[Note: this post originally appeared on the CFA Institute’s Enterprising Investor blog.]
Many retailers enjoyed a cheerful holiday season. November sales figures handily beat analysts’ expectations, rising nearly 5% year-over-year (YOY), and lower gas prices and an improving economy drove strong results in December as well. Investors looking to capitalize on these glad tidings might be tempted to consider some of the bargain stocks in the sector, especially those that have faltered in recent years, such as JC Penney (JCP) and Sears (SHLD), or even deeply troubled firms, such as RadioShack (RSH) and Wet Seal (WTSL).
Not to play the Grinch, but history suggests this would be a terrible idea.
Last month, I interviewed the senior management of the home decor chain Tuesday Morning (TUES), including its accomplished CEO Michael Rouleau. Rouleau was one of the original employees of Target. He also cofounded Office Warehouse and served as CEO of Michaels. During our meeting, he told me that in all his years in the business, he could count the number of successful turnarounds he had witnessed in the retail world on one hand.
That statement jibed with my own experience as a fund manager. I unfortunately missed out on Tuesday Morning’s turnaround (in early 2009, its stock dipped below a dollar), but in three decades of studying and investing in thousands of companies, I have bought into exactly two successful retail rescues, both of which I profile in my book Dead Companies Walking: Cost Plus World Market and Zales.
Over-expansion and poor merchandising choices took both firms perilously close to bankruptcy before strategic redirection by new managements saved them. I bought the stock of each as their turnarounds were underway and made a nice return when they were acquired by larger competitors (Cost Plus by Bed, Bath and Beyond; Zales by Signet Jewelers). But corporate Lazaruses like these are exceedingly rare. If anything, they are exceptions that prove an unforgiving rule of retailing: once shoppers turn away from a brand, they usually stay away for good.
In my career, I have visited dozens of struggling retailers whose turnaround bids ended in bankruptcy, including Worlds of Wonder, Ultimate Electronics, Blockbuster Video Entertainment, Bombay, Factory 2-U, Wilsons Leather, and Discovery Zone. I expect RadioShack and Wet Seal to join these ranks soon. I have been to both headquarters in recent years and have heard hopeful — and familiar — predictions for redirection and better times ahead. But even if both post better-than-expected holiday seasons this year, I am doubtful that they’ll survive for many more Christmases, at least in their current form.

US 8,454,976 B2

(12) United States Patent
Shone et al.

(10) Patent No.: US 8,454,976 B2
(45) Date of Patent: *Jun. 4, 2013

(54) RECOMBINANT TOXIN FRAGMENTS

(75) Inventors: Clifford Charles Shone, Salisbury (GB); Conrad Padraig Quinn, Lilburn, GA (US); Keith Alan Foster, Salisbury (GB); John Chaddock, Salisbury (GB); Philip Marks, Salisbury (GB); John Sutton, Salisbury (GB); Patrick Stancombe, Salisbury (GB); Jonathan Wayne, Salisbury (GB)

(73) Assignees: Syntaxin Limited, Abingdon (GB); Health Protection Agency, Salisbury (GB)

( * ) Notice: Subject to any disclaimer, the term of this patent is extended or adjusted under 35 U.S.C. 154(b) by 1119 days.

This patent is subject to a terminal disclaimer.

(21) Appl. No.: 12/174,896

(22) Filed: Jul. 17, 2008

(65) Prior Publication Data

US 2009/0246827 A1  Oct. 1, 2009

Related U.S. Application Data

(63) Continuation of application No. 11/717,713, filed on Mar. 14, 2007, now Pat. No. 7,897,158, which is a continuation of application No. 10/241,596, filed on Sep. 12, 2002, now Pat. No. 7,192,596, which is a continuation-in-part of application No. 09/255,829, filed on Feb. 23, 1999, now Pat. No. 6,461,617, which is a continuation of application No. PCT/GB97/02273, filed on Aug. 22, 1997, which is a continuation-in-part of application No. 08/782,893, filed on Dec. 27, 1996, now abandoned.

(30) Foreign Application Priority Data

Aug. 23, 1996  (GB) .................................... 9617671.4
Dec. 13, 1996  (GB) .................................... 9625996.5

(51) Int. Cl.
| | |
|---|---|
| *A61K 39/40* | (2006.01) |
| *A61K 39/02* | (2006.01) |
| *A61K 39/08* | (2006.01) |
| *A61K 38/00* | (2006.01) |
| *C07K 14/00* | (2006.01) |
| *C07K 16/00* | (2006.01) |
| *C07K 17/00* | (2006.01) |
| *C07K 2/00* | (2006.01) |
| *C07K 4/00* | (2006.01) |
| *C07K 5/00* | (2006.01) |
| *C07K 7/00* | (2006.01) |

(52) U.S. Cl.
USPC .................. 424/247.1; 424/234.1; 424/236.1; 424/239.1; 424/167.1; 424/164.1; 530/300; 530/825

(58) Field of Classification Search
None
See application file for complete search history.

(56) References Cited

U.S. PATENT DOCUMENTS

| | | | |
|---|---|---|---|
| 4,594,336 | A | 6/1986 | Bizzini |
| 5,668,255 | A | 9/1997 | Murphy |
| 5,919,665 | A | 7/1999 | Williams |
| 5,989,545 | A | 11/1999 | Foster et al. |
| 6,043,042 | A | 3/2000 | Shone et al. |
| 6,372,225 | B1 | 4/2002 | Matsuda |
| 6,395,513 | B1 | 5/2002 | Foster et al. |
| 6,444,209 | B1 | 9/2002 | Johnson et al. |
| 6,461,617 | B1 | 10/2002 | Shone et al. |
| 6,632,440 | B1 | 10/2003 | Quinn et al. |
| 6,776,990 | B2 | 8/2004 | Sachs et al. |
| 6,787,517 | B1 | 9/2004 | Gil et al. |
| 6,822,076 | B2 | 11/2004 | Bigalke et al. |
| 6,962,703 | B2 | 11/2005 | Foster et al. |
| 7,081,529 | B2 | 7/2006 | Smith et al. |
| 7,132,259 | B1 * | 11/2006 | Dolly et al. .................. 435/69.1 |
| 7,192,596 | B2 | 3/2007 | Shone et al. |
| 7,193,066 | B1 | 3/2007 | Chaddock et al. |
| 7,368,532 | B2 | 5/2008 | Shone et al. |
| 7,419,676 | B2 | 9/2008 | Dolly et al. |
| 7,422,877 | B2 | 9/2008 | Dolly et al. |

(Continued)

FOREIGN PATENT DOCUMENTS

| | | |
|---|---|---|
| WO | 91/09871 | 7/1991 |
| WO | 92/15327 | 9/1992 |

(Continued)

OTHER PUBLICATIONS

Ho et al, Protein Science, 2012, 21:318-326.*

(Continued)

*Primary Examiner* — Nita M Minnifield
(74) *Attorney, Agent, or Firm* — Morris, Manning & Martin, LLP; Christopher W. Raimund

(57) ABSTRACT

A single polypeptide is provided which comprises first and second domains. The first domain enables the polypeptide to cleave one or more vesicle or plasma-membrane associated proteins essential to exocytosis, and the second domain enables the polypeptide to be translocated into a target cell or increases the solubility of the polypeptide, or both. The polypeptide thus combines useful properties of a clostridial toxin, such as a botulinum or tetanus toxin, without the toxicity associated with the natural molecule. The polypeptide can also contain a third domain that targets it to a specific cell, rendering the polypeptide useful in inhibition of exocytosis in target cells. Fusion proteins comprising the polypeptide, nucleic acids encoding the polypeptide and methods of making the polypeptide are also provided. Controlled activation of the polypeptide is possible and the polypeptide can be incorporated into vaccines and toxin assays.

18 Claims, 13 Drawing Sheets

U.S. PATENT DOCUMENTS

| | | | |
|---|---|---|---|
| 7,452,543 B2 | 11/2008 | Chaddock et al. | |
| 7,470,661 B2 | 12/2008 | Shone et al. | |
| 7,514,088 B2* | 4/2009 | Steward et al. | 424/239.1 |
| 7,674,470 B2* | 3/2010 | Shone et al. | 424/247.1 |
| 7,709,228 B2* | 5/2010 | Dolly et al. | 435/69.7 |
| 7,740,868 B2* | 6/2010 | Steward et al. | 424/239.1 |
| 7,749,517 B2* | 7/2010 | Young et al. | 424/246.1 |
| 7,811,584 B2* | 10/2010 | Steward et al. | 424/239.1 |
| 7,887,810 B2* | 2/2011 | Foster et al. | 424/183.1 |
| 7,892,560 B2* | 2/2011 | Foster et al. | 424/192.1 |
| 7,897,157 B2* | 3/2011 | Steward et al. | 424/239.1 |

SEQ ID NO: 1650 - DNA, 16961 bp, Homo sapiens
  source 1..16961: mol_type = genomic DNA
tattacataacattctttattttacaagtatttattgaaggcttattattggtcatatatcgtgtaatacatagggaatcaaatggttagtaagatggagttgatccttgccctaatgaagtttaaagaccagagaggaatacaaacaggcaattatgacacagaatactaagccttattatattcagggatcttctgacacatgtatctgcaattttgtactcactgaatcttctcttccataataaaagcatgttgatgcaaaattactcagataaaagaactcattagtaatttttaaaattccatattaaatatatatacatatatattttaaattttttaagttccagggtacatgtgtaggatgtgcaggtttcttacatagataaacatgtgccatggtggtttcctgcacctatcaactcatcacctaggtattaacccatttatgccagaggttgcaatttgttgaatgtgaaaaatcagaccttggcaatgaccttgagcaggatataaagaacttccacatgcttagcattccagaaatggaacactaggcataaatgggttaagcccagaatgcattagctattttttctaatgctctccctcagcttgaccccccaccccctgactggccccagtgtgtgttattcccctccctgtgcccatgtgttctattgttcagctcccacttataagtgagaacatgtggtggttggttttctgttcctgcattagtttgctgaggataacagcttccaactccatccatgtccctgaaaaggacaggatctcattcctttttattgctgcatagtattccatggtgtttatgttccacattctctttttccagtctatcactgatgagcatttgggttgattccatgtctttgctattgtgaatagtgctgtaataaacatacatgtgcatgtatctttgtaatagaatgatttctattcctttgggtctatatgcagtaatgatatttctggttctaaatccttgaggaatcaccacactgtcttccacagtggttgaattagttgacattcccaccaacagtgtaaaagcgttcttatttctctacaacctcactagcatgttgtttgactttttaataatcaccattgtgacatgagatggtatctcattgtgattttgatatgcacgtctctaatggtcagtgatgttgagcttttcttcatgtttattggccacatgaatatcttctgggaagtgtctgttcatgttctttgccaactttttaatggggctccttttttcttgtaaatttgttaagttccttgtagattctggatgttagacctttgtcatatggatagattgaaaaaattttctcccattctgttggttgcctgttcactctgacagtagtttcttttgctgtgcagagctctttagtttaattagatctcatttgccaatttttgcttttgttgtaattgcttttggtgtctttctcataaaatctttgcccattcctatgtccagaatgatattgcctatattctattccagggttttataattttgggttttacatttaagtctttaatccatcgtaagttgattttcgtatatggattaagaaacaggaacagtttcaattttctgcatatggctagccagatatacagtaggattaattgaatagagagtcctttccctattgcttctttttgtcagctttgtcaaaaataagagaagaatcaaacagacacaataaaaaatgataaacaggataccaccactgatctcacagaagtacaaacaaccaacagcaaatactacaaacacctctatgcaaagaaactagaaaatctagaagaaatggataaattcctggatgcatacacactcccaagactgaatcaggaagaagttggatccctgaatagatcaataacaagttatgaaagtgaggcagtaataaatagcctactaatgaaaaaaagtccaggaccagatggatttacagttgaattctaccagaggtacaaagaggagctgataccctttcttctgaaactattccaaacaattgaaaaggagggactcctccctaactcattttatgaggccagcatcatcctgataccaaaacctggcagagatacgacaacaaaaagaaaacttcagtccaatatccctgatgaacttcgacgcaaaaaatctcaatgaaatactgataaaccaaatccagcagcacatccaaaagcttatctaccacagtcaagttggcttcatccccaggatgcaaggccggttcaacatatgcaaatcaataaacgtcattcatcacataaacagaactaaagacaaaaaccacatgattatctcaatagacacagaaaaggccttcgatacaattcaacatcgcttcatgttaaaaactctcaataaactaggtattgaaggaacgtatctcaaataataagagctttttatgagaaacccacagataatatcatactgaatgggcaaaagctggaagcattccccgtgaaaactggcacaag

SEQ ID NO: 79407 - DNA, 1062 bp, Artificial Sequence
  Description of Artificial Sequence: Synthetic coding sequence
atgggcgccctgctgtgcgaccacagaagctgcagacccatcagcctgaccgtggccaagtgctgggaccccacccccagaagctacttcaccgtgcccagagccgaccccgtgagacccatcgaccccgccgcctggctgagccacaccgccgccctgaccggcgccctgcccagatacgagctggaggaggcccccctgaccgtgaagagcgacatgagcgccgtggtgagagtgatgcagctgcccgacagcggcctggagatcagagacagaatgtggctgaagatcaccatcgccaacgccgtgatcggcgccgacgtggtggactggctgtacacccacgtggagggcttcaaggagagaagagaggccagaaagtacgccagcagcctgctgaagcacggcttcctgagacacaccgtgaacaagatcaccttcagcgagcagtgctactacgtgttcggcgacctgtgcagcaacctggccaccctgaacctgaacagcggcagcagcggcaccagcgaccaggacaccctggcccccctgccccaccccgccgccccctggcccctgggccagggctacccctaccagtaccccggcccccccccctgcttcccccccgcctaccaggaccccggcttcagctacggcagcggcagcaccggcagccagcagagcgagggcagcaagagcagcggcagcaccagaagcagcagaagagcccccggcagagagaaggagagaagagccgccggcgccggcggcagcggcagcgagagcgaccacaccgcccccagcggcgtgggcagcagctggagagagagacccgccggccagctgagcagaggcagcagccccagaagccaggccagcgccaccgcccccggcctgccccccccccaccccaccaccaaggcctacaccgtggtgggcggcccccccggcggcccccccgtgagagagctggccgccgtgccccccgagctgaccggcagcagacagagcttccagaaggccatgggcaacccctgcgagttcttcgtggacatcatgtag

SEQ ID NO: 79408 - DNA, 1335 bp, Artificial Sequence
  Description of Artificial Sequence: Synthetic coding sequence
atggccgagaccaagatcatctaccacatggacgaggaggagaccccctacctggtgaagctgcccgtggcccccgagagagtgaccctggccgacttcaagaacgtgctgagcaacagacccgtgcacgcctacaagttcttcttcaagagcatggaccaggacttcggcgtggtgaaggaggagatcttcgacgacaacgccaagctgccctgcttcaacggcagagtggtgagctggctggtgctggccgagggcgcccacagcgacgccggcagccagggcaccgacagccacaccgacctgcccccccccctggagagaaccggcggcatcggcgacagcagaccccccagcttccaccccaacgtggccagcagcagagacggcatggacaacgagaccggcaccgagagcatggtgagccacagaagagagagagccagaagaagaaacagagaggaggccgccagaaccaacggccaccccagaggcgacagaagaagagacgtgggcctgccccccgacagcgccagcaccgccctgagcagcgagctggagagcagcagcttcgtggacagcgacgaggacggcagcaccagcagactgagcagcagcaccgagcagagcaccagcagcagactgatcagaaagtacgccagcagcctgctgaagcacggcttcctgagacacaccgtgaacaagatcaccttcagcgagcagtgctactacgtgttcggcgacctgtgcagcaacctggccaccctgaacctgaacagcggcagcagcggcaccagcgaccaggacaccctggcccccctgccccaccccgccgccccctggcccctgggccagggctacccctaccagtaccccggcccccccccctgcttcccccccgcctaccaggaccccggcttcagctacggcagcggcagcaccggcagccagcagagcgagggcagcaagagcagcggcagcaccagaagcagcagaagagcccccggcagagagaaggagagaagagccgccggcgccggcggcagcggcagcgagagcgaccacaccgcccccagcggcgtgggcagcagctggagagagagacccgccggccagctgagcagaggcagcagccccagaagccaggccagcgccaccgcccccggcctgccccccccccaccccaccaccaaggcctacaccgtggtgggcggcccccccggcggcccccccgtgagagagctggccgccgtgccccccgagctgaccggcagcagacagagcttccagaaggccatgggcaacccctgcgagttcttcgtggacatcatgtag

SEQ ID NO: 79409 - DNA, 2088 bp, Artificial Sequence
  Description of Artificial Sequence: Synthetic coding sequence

Although RadioShack and Wet Seal offer different products to different types of customers, they can both trace their troubles to the same two factors that doom most retailers: unpopular merchandise decisions and — more importantly — intense competition. If a retailer isn’t giving its target customers exactly what they want — at the best possible price — someone else surely is. Competition is so fierce and margins are so tight that even small strategic missteps can doom the most established businesses. JC Penney and Sears once dominated the retail landscape. But Sears failed to keep up with the times and JC Penney’s former CEO disastrously alienated its middle- and working-class customer base by eliminating coupons and stocking higher-end goods. Both companies have implemented strategic shifts and each could still recover. (As I wrote in my last post, I even bought some stock in JC Penney earlier this year.) But even after an upbeat holiday season, investing in either company is a highly speculative move. They have both seen negative or flat same-store sales in recent quarters, and they’re both loaded down with huge amounts of debt, which gives them very little time to turn things around.
Calling the bottom of a declining stock, as the old saying goes, is like trying to catch a falling knife. Calling the bottom of struggling retailer stocks is particularly risky, because even the worst performers can rally on such short-term results as seasonal promotions, only to plunge again after the good times wear off. This holiday season’s strong sales could keep some of them aloft just long enough to make for a very unhappy new year for their investors.